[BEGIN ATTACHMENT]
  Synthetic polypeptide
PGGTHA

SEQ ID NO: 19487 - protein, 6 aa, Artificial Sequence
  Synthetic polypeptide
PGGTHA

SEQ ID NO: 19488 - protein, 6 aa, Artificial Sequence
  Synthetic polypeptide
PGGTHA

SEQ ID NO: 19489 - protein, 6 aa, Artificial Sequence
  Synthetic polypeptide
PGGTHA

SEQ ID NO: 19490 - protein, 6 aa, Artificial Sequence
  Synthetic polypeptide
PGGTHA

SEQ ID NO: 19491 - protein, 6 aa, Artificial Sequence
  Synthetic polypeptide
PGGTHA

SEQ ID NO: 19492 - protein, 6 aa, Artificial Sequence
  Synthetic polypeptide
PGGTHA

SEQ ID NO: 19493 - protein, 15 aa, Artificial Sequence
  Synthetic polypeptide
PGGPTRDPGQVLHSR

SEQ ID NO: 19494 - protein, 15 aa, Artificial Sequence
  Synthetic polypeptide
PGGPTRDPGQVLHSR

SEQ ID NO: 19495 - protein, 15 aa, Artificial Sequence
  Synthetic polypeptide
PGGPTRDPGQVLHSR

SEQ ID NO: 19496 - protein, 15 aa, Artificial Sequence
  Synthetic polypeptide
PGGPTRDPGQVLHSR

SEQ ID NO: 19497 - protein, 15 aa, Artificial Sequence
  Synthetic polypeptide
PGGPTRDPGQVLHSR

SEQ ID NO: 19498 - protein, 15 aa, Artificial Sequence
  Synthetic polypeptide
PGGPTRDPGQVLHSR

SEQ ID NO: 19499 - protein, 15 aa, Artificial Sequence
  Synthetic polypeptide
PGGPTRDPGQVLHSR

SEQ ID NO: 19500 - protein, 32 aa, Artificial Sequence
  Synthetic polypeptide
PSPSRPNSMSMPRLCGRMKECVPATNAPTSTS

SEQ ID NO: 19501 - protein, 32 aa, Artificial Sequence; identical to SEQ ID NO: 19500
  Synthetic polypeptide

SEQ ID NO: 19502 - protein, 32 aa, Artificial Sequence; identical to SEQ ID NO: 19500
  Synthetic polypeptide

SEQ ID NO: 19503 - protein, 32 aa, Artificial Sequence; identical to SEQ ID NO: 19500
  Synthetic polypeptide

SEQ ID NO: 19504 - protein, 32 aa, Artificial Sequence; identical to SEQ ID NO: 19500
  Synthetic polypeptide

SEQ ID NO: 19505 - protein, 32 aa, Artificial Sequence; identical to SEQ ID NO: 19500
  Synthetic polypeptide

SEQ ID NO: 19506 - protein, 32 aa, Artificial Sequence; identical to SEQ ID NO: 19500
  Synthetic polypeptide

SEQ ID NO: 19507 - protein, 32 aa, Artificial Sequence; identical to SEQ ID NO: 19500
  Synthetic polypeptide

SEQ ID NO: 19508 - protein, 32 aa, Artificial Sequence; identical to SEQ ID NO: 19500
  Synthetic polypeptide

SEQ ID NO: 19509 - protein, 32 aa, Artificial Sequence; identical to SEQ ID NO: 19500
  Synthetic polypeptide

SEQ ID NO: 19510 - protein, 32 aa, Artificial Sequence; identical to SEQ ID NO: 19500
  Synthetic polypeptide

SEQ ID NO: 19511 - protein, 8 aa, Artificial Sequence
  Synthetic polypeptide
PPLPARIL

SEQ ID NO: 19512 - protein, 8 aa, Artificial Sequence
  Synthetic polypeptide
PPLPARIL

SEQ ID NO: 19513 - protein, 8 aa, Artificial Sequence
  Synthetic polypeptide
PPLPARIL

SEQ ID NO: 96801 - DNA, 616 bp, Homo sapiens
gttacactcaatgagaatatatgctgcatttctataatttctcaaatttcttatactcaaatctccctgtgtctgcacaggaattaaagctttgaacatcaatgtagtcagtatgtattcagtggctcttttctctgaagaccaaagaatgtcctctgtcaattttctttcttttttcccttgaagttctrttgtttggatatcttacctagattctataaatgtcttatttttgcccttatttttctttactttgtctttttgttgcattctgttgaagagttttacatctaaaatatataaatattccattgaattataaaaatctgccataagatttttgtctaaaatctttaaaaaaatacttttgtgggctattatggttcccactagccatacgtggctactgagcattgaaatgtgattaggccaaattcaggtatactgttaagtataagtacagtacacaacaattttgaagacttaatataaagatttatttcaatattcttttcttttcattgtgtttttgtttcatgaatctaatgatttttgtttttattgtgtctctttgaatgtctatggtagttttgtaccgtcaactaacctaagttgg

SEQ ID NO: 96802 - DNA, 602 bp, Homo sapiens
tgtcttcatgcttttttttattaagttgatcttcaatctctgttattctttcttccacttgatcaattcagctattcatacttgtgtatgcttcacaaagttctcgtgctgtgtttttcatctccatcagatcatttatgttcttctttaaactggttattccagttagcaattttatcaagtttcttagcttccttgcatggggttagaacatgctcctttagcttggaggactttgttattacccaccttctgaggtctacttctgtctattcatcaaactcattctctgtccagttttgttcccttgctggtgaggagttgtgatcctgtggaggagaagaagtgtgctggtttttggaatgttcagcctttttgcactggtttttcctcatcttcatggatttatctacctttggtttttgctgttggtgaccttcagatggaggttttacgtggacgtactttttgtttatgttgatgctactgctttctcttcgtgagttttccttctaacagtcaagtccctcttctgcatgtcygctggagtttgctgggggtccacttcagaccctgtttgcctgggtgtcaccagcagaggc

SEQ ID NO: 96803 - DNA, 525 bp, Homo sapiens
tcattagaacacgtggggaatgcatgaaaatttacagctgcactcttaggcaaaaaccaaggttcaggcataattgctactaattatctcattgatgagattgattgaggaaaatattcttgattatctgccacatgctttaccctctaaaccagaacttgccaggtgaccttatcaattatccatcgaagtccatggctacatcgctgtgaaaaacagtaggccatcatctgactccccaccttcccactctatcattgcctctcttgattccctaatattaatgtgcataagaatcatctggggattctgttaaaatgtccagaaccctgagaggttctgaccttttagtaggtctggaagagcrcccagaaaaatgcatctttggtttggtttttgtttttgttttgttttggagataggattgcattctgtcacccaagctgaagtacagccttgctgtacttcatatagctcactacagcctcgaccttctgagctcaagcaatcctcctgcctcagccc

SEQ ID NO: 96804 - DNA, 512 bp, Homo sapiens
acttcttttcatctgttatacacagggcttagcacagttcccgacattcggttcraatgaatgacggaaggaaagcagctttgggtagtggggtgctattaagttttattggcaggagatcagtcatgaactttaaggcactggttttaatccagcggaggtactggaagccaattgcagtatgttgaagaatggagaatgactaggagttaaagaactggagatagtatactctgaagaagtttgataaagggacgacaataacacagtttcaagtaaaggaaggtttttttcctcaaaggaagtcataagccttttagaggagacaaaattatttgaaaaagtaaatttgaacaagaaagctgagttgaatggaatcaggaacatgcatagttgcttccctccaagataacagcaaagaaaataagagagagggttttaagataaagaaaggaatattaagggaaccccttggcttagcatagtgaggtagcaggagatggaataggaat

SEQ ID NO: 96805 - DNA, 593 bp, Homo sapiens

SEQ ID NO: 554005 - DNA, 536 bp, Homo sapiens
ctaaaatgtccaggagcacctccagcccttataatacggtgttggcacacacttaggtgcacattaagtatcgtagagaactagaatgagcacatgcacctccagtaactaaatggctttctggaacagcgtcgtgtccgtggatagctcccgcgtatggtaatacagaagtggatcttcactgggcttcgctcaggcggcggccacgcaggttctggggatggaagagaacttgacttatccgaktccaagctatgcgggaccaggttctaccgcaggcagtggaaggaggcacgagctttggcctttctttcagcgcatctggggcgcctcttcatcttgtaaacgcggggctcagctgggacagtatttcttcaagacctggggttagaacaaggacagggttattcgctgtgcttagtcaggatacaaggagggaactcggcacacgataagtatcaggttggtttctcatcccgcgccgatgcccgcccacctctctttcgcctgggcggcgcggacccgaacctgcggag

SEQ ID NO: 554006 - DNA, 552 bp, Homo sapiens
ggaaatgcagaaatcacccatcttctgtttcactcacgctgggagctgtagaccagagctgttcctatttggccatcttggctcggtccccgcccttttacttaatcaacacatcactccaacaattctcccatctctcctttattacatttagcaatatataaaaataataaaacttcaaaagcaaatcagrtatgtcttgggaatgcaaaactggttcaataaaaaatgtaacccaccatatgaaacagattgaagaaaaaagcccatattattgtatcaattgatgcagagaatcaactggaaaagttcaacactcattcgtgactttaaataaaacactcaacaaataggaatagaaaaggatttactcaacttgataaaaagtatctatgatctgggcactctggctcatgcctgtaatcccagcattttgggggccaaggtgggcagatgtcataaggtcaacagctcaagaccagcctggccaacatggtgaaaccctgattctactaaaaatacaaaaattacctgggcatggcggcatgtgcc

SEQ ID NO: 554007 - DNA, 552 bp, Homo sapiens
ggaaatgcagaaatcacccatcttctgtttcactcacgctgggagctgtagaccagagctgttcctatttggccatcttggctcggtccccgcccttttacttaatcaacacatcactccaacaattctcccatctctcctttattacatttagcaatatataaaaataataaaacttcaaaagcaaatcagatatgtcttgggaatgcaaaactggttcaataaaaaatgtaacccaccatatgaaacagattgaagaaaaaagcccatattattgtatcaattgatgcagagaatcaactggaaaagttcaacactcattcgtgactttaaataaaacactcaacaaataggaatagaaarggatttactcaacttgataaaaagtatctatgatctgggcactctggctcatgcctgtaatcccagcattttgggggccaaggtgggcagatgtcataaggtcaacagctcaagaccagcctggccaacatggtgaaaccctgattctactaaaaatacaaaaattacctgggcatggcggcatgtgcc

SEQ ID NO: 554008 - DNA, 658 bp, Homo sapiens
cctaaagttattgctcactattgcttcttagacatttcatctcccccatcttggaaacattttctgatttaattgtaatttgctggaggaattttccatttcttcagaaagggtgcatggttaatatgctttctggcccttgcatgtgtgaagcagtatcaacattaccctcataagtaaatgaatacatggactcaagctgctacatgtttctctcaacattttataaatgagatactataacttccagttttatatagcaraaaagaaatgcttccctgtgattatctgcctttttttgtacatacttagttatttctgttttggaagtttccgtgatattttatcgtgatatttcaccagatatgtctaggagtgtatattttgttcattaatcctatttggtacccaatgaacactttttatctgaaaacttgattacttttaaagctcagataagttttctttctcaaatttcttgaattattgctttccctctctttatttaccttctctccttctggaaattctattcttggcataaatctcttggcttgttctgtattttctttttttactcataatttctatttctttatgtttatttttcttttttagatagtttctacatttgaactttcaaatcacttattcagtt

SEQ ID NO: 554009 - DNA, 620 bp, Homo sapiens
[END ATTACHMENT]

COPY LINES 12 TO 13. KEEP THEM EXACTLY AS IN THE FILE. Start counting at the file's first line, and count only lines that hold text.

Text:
SEQ ID NO: 19490 - protein, 6 aa, Artificial Sequence
  Synthetic polypeptide